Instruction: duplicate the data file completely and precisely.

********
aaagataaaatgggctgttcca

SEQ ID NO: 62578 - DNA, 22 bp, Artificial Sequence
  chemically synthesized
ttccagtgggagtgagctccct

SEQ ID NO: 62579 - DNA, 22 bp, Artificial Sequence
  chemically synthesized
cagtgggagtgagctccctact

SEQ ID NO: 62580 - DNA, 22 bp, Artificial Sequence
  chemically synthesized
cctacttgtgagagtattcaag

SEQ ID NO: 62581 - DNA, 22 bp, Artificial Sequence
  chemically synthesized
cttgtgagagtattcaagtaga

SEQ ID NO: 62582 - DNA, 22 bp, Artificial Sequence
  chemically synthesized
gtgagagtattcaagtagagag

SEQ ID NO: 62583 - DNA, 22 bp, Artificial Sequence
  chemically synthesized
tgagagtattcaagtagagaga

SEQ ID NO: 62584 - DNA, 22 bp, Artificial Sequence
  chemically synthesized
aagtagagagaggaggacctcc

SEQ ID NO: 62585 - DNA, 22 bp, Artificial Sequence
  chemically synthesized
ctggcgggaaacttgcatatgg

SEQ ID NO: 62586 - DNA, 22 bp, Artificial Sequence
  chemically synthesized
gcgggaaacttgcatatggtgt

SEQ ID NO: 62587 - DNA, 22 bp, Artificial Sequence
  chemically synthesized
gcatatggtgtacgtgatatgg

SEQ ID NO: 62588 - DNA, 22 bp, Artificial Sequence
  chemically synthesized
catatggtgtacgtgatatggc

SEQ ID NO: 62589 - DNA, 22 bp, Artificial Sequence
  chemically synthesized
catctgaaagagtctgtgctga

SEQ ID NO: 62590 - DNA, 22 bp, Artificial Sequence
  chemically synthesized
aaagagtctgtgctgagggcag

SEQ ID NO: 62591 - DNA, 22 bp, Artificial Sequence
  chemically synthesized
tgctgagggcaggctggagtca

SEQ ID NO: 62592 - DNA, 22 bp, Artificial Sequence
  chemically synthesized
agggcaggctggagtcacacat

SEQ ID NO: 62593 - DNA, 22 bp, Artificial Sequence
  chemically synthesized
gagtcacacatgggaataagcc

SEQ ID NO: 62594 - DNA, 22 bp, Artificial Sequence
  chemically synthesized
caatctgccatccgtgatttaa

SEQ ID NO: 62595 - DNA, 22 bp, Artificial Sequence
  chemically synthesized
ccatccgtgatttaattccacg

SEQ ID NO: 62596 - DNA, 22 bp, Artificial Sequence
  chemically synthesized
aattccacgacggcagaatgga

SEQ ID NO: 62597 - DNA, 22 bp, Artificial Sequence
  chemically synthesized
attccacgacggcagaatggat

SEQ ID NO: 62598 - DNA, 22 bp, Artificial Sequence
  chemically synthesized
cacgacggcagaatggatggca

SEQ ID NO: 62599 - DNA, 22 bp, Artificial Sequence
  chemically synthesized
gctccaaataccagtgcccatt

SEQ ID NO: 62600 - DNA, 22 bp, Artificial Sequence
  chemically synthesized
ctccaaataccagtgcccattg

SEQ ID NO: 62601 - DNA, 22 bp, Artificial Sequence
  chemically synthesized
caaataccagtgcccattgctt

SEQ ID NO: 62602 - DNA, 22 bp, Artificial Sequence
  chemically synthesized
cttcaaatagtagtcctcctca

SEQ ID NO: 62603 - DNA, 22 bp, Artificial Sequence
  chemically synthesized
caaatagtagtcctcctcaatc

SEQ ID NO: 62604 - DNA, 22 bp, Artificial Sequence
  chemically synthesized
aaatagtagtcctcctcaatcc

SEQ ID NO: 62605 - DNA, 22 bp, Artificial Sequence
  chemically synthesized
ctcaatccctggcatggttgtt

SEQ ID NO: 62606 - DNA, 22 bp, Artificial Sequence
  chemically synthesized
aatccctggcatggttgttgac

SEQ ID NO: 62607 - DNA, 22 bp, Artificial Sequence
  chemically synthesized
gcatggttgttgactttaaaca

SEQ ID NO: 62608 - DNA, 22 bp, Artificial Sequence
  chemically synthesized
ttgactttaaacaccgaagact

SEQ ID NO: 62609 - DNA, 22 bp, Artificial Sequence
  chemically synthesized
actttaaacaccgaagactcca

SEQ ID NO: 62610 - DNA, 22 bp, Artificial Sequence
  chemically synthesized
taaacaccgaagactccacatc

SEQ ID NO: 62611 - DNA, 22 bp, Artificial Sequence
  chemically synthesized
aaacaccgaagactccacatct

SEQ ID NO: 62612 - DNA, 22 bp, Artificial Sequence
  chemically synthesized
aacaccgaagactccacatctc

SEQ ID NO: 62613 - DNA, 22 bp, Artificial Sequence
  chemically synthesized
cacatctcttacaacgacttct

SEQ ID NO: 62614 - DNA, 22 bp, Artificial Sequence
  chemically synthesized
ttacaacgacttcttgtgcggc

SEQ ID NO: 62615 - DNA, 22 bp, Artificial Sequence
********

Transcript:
aaagataaaatgggctgttcca

SEQ ID NO: 62578 - DNA, 22 bp, Artificial Sequence
  chemically synthesized
ttccagtgggagtgagctccct

SEQ ID NO: 62579 - DNA, 22 bp, Artificial Sequence
  chemically synthesized
cagtgggagtgagctccctact

SEQ ID NO: 62580 - DNA, 22 bp, Artificial Sequence
  chemically synthesized
cctacttgtgagagtattcaag

SEQ ID NO: 62581 - DNA, 22 bp, Artificial Sequence
  chemically synthesized
cttgtgagagtattcaagtaga

SEQ ID NO: 62582 - DNA, 22 bp, Artificial Sequence
  chemically synthesized
gtgagagtattcaagtagagag

SEQ ID NO: 62583 - DNA, 22 bp, Artificial Sequence
  chemically synthesized
tgagagtattcaagtagagaga

SEQ ID NO: 62584 - DNA, 22 bp, Artificial Sequence
  chemically synthesized
aagtagagagaggaggacctcc

SEQ ID NO: 62585 - DNA, 22 bp, Artificial Sequence
  chemically synthesized
ctggcgggaaacttgcatatgg

SEQ ID NO: 62586 - DNA, 22 bp, Artificial Sequence
  chemically synthesized
gcgggaaacttgcatatggtgt

SEQ ID NO: 62587 - DNA, 22 bp, Artificial Sequence
  chemically synthesized
gcatatggtgtacgtgatatgg

SEQ ID NO: 62588 - DNA, 22 bp, Artificial Sequence
  chemically synthesized
catatggtgtacgtgatatggc

SEQ ID NO: 62589 - DNA, 22 bp, Artificial Sequence
  chemically synthesized
catctgaaagagtctgtgctga

SEQ ID NO: 62590 - DNA, 22 bp, Artificial Sequence
  chemically synthesized
aaagagtctgtgctgagggcag

SEQ ID NO: 62591 - DNA, 22 bp, Artificial Sequence
  chemically synthesized
tgctgagggcaggctggagtca

SEQ ID NO: 62592 - DNA, 22 bp, Artificial Sequence
  chemically synthesized
agggcaggctggagtcacacat

SEQ ID NO: 62593 - DNA, 22 bp, Artificial Sequence
  chemically synthesized
gagtcacacatgggaataagcc

SEQ ID NO: 62594 - DNA, 22 bp, Artificial Sequence
  chemically synthesized
caatctgccatccgtgatttaa

SEQ ID NO: 62595 - DNA, 22 bp, Artificial Sequence
  chemically synthesized
ccatccgtgatttaattccacg

SEQ ID NO: 62596 - DNA, 22 bp, Artificial Sequence
  chemically synthesized
aattccacgacggcagaatgga

SEQ ID NO: 62597 - DNA, 22 bp, Artificial Sequence
  chemically synthesized
attccacgacggcagaatggat

SEQ ID NO: 62598 - DNA, 22 bp, Artificial Sequence
  chemically synthesized
cacgacggcagaatggatggca

SEQ ID NO: 62599 - DNA, 22 bp, Artificial Sequence
  chemically synthesized
gctccaaataccagtgcccatt

SEQ ID NO: 62600 - DNA, 22 bp, Artificial Sequence
  chemically synthesized
ctccaaataccagtgcccattg

SEQ ID NO: 62601 - DNA, 22 bp, Artificial Sequence
  chemically synthesized
caaataccagtgcccattgctt

SEQ ID NO: 62602 - DNA, 22 bp, Artificial Sequence
  chemically synthesized
cttcaaatagtagtcctcctca

SEQ ID NO: 62603 - DNA, 22 bp, Artificial Sequence
  chemically synthesized
caaatagtagtcctcctcaatc

SEQ ID NO: 62604 - DNA, 22 bp, Artificial Sequence
  chemically synthesized
aaatagtagtcctcctcaatcc

SEQ ID NO: 62605 - DNA, 22 bp, Artificial Sequence
  chemically synthesized
ctcaatccctggcatggttgtt

SEQ ID NO: 62606 - DNA, 22 bp, Artificial Sequence
  chemically synthesized
aatccctggcatggttgttgac

SEQ ID NO: 62607 - DNA, 22 bp, Artificial Sequence
  chemically synthesized
gcatggttgttgactttaaaca

SEQ ID NO: 62608 - DNA, 22 bp, Artificial Sequence
  chemically synthesized
ttgactttaaacaccgaagact

SEQ ID NO: 62609 - DNA, 22 bp, Artificial Sequence
  chemically synthesized
actttaaacaccgaagactcca

SEQ ID NO: 62610 - DNA, 22 bp, Artificial Sequence
  chemically synthesized
taaacaccgaagactccacatc

SEQ ID NO: 62611 - DNA, 22 bp, Artificial Sequence
  chemically synthesized
aaacaccgaagactccacatct

SEQ ID NO: 62612 - DNA, 22 bp, Artificial Sequence
  chemically synthesized
aacaccgaagactccacatctc

SEQ ID NO: 62613 - DNA, 22 bp, Artificial Sequence
  chemically synthesized
cacatctcttacaacgacttct

SEQ ID NO: 62614 - DNA, 22 bp, Artificial Sequence
  chemically synthesized
ttacaacgacttcttgtgcggc

SEQ ID NO: 62615 - DNA, 22 bp, Artificial Sequence